External Affairs

Beijing’s Move to Sanitise Ancient Hutongs Threatens Migrant Workers

FILE PHOTO: An excavator demolishes a house in a hutong neighborhood near the Forbidden City in Beijing, China April 20, 2017. Credit: Reuters/Thomas Peter/File Photo

An excavator demolishes a house in a hutong neighbourhood near the Forbidden City in Beijing, China April 20, 2017. Credit: Reuters/Thomas Peter/File Photo

Beijing: The Chinese capital is sanitising its ancient hutong alleyways, home to millions of migrants workers and thousands of small businesses, bulldozing illegal constructions and forcing shops, bars and tiny courtyard restaurants to relocate or go under.

As part of guidelines unveiled in April, authorities have started to brick in doors of properties along the narrow passageways, many of which date back to the 13th century. They have also cracked down on illegal shopfronts to restore the original facades.

Traditionally a courtyard property has only one entrance. That means shops on a property are not allowed to create or maintain additional entrances. On top of that, authorities have stopped issuing new commercial licences in Beijing’s most ambitious clean-up of the hutongs, where some buildings are crumbling and unsafe. And current licences will not be renewed.

The municipal government says it is trying to eradicate an “urban disease”.

Business owners have been seen taking photos of their shopfronts and bidding them goodbye. For some, they are saying farewell to the old city.

“The most appealing part of Beijing is about to disappear,” said Titi, the owner of a clothing store in Fangjia hutong, famous for its bars and vintage stores.

Shopkeepers in Fangjia complained that they had not been given enough time before their stores were bricked in. Some had no choice but to hold flash clearance sales during a recent three-day public holiday to get rid of stock.

Residents and businesses are given from five to 15 days to rectify unapproved construction before “the authorities enforce mandatory demolition with no obligation to compensate any losses”, according to notices posted on the walls of many hutongs.

“I am not against government policy, but you [the authorities] have to give us some time to take care of our business,” said the owner of a Fangjia Mexican snack bar.

Pre-Olympic clean up

The winding, bustling hutongs with their tell-tale tiled roofs have been central to Beijing life since the government allowed private businesses to set up shop in the late 1980s in the hope of stimulating the economy and creating jobs.

They have been targeted before. More than 1,000 courtyard properties in dozens of hutongs were renovated or destroyed in the run-up to the 2008 Beijing Olympics in a gentrification process which drew much criticism from admirers of the old city.

Now, under a three-year plan to clean up 1,674 hutongs, the municipal government is targeting illegal construction. That’s more than two-thirds of all existing hutongs, most of them in congested central Beijing.

It was unclear what will happen to properties that are restored but left empty. Most hutong properties are leased to migrant workers.

Official data shows the number of migrant workers has risen fivefold over the past 18 years, peaking at 8.2 million in 2015. That growth has slowed due to new population controls which aim to cap the number of people at 23 million by 2020. Beijing’s population now is about 21.7 million.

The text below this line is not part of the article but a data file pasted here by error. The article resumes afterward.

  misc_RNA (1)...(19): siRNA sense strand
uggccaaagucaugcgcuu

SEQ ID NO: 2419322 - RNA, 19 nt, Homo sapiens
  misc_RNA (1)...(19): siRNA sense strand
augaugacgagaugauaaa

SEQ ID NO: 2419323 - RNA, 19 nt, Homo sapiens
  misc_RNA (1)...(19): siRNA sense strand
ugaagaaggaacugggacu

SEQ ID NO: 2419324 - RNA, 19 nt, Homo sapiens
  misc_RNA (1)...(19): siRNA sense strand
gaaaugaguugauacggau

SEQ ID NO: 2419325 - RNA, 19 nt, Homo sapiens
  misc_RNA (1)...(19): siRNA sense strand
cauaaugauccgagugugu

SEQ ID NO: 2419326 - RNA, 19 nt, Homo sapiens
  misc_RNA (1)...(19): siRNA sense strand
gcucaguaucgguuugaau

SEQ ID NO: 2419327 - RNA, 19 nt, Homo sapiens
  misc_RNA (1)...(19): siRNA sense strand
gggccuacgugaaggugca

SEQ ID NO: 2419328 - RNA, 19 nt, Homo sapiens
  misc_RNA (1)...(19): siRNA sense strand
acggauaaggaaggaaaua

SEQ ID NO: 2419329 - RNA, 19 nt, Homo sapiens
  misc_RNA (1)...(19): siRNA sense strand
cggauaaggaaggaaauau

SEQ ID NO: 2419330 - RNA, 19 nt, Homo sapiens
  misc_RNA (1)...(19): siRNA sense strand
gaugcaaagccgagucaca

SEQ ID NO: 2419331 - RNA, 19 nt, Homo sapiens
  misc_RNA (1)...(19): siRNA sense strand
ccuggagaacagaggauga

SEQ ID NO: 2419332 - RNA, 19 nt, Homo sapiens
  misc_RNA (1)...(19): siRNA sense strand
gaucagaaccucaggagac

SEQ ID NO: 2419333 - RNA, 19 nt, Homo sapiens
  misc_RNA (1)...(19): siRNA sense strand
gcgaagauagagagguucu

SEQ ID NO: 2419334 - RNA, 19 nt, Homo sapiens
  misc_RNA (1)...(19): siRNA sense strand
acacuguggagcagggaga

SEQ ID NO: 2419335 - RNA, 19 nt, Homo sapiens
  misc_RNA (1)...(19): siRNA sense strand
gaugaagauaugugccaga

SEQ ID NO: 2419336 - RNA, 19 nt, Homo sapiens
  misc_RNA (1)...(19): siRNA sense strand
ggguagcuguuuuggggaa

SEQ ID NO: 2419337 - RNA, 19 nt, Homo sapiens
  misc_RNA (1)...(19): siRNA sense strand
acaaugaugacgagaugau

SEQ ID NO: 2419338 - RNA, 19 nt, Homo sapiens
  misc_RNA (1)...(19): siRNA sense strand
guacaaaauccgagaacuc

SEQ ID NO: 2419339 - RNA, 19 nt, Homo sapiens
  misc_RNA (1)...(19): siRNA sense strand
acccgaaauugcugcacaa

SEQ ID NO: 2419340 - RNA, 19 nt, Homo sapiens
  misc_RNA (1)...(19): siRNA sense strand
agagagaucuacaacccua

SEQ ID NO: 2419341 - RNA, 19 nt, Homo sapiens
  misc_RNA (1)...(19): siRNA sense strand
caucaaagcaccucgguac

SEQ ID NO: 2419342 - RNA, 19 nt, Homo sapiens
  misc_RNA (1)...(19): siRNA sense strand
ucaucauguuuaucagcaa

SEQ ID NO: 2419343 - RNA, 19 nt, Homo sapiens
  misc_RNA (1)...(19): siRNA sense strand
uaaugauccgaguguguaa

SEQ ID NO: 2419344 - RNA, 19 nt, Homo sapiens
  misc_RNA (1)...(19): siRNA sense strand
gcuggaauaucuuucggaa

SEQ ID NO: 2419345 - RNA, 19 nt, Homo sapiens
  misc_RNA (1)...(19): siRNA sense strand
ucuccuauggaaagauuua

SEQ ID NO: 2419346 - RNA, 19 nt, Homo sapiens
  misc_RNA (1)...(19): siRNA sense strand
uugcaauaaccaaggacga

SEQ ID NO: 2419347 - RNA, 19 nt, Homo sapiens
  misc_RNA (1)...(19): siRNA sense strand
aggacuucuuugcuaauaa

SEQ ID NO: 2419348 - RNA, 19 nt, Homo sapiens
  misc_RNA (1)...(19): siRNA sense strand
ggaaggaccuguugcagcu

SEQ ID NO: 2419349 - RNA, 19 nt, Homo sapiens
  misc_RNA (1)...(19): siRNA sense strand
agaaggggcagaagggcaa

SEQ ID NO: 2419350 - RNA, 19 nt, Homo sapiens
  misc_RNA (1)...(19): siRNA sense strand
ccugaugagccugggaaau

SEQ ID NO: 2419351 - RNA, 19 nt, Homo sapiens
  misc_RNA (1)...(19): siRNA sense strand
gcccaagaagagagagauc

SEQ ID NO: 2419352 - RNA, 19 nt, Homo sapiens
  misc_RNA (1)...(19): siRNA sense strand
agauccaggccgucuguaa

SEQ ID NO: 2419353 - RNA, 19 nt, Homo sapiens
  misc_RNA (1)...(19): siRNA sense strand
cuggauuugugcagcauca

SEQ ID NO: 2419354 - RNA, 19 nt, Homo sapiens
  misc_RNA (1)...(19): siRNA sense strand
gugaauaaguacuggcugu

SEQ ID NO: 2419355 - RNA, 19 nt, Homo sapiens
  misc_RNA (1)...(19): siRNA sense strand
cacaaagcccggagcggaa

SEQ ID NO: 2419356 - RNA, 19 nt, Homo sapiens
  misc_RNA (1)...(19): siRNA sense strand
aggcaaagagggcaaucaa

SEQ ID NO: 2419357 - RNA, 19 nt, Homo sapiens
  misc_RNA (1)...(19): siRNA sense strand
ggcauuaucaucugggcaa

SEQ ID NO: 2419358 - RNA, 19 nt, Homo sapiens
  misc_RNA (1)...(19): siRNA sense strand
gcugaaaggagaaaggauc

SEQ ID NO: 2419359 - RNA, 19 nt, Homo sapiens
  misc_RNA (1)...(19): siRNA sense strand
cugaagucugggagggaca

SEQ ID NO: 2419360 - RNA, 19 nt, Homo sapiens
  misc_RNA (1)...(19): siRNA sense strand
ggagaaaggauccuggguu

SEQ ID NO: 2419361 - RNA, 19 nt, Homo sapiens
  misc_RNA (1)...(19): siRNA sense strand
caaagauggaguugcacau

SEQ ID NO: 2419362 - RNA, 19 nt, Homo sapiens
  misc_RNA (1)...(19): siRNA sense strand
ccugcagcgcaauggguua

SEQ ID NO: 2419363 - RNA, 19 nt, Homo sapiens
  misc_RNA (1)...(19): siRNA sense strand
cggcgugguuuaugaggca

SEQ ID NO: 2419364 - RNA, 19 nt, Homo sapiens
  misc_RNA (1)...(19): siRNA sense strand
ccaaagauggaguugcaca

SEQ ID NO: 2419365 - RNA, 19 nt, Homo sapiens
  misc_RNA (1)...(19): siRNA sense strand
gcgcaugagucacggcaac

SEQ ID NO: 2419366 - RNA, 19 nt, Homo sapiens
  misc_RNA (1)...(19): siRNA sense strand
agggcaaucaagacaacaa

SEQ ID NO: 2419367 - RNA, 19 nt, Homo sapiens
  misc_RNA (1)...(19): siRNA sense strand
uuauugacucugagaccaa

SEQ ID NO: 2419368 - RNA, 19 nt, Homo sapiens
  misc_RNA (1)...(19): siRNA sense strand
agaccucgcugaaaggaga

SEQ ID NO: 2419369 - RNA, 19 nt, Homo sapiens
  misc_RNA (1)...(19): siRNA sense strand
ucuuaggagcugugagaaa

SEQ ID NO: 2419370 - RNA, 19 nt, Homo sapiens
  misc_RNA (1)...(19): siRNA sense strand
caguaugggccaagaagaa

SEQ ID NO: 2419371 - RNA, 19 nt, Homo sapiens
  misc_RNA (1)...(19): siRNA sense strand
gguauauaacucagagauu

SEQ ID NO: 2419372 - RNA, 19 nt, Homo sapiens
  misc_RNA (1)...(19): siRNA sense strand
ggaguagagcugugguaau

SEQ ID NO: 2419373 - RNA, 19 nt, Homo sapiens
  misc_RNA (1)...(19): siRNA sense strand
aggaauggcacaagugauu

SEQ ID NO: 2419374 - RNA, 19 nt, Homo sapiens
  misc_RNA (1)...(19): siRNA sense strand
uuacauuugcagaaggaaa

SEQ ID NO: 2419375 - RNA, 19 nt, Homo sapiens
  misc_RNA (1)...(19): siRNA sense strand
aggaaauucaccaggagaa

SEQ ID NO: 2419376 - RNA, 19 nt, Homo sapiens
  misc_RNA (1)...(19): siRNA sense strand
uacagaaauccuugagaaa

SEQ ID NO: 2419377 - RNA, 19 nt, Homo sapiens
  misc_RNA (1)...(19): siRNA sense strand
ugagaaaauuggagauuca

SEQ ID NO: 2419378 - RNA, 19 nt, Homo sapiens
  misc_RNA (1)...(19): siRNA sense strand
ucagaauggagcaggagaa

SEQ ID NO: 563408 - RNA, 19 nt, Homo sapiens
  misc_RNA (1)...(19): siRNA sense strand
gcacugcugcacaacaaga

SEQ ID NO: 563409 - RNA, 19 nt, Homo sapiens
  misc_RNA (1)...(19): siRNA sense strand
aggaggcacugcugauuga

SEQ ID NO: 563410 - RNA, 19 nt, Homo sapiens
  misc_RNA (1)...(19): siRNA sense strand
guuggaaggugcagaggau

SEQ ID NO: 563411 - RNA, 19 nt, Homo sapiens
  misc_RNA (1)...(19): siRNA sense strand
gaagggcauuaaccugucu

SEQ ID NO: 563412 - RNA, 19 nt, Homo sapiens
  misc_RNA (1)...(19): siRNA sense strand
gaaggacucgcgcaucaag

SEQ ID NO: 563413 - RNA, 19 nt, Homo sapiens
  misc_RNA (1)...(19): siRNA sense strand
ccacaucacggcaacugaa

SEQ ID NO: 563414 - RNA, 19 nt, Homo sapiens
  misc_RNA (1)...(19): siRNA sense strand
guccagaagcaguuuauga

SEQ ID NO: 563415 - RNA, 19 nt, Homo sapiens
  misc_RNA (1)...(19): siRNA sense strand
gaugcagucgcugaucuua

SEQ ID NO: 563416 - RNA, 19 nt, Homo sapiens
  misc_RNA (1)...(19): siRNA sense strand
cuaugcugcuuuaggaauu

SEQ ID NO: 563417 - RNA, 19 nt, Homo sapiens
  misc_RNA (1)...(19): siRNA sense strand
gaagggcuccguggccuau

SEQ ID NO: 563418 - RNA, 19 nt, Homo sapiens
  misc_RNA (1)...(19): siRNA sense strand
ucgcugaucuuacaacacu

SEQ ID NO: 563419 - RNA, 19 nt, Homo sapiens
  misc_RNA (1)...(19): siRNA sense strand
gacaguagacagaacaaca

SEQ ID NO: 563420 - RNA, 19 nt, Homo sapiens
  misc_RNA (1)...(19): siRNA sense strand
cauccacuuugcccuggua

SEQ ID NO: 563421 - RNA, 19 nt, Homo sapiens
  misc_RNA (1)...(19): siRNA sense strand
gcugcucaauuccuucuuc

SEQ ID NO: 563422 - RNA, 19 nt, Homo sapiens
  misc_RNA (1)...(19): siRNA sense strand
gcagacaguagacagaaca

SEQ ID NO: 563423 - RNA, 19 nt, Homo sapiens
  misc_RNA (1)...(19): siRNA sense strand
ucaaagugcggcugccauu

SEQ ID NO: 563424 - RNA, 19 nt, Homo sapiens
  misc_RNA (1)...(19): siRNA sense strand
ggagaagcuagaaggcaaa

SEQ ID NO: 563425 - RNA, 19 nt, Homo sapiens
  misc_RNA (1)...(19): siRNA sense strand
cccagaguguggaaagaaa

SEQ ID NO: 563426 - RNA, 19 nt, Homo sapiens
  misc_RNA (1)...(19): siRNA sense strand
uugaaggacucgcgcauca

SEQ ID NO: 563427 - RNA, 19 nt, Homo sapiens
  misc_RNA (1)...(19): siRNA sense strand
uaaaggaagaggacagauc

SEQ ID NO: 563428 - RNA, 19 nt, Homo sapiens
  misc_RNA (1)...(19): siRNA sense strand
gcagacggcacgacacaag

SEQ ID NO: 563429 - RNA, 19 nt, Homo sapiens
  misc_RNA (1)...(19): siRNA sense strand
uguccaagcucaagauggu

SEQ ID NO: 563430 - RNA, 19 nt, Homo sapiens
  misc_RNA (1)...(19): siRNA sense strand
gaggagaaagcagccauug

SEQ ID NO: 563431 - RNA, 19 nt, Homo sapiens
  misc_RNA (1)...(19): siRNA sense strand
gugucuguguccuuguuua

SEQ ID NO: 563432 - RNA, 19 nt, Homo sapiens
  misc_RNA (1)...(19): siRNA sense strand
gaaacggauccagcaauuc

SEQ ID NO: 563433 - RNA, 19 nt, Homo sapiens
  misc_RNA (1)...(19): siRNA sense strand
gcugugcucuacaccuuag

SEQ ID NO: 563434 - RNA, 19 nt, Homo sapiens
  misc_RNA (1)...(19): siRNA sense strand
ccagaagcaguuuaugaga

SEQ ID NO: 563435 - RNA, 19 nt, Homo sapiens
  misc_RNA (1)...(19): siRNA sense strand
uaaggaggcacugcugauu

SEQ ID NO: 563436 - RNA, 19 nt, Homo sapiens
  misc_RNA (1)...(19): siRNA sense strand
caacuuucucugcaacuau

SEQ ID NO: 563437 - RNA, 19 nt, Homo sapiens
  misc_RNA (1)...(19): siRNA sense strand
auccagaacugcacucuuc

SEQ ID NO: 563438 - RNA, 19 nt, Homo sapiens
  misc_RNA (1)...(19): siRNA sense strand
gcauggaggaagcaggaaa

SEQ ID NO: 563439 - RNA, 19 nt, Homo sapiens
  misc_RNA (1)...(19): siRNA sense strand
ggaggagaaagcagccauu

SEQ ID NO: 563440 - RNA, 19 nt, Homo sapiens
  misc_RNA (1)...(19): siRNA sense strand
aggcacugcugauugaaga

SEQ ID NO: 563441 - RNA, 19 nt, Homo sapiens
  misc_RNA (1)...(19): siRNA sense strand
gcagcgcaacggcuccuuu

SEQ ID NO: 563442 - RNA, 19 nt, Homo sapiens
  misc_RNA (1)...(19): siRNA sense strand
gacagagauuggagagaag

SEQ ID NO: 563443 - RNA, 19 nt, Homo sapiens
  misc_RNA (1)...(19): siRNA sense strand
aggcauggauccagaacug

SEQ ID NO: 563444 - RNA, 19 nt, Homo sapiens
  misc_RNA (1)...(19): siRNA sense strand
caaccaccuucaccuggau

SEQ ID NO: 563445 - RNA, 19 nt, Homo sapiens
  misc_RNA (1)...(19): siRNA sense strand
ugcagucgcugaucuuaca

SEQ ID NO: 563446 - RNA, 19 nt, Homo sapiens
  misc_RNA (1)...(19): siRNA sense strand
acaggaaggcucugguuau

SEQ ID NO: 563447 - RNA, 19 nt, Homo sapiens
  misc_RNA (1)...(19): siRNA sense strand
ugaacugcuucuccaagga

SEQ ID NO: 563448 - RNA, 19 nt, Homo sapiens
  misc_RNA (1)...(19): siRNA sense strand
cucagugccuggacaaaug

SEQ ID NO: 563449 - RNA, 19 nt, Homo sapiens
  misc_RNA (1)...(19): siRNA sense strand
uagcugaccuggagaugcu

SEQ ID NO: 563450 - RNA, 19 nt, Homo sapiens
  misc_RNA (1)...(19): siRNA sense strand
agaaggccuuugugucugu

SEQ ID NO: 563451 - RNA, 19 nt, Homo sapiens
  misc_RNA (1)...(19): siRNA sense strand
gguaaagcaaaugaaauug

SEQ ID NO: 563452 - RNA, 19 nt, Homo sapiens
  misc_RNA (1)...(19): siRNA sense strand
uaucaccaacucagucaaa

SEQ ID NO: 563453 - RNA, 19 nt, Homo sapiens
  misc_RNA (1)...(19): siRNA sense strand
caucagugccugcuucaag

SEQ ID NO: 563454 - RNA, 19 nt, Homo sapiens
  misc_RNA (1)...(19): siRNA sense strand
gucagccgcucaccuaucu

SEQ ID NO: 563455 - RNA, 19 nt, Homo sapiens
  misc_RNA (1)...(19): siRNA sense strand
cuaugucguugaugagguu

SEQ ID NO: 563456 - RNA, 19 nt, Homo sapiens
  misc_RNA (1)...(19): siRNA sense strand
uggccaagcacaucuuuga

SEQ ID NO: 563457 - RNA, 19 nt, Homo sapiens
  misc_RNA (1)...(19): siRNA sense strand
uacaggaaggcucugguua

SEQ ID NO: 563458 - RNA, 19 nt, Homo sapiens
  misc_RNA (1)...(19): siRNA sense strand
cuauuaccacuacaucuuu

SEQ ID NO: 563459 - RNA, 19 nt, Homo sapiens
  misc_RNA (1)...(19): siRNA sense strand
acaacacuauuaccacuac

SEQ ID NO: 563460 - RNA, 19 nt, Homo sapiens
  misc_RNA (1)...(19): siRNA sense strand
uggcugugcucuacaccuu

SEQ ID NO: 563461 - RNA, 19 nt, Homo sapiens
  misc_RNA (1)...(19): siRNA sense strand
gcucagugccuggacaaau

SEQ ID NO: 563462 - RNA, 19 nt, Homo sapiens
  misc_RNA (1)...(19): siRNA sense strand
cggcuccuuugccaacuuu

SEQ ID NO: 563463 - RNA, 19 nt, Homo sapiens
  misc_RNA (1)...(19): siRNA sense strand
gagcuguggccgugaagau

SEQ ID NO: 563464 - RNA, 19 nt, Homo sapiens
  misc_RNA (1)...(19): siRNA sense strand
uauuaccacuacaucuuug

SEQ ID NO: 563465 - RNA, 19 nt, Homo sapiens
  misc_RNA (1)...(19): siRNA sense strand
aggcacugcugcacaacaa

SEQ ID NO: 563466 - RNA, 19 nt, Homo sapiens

Workers build a brick wall across the front of a restaurant in a hutong alley in Beijing, China May 5, 2017. Credit: Reuters/Thomas Peter

Workers build a brick wall across the front of a restaurant in a hutong alley in Beijing, China May 5, 2017. Credit: Reuters/Thomas Peter

While there is no official word linking the revamp to efforts to curb population growth, some migrant workers, who run everything from convenience stores to hair salons to dumpling restaurants and even a British-themed pub, are convinced they are a target.

“There is no single high-rise building that was not built by migrant workers,” construction worker An said. “Now the city doesn’t need us to build more buildings, so we are being kicked out.”

Playing “hardball”

An and his wife may have to move back to eastern Shandong province after their kitchen was torn down.

“What can we do? We’ve to go back home if the authorities are determined to kick us out,” said An, who declined to give his full name for fear of repercussions.

An and his wife have rented a ten square-metre (100 square-foot) room in Xilou hutong for three years. Their children and grandchildren visit every day, but they never stay overnight as the room is too small.

The hutong revamp is overseen by Beijing’s new mayor, Cai Qi, who said city authorities should “dare to play hardball” when taking down unapproved projects and unsafe construction.

The press department at the Beijing municipal government office could not immediately comment on the current hutong revamp. The Beijing Administration for Industry and Commerce did not reply to a fax seeking comment.

In Wenchang hutong near Beijing’s financial centre, the owner of a pancake shop, who gave her name as Su, is worried about the future.

“My store is of the same age those of fancy buildings nearby, but mine has to retire early,” said Su, who left central Henan province for Beijing more than two decades ago.

(Reuters)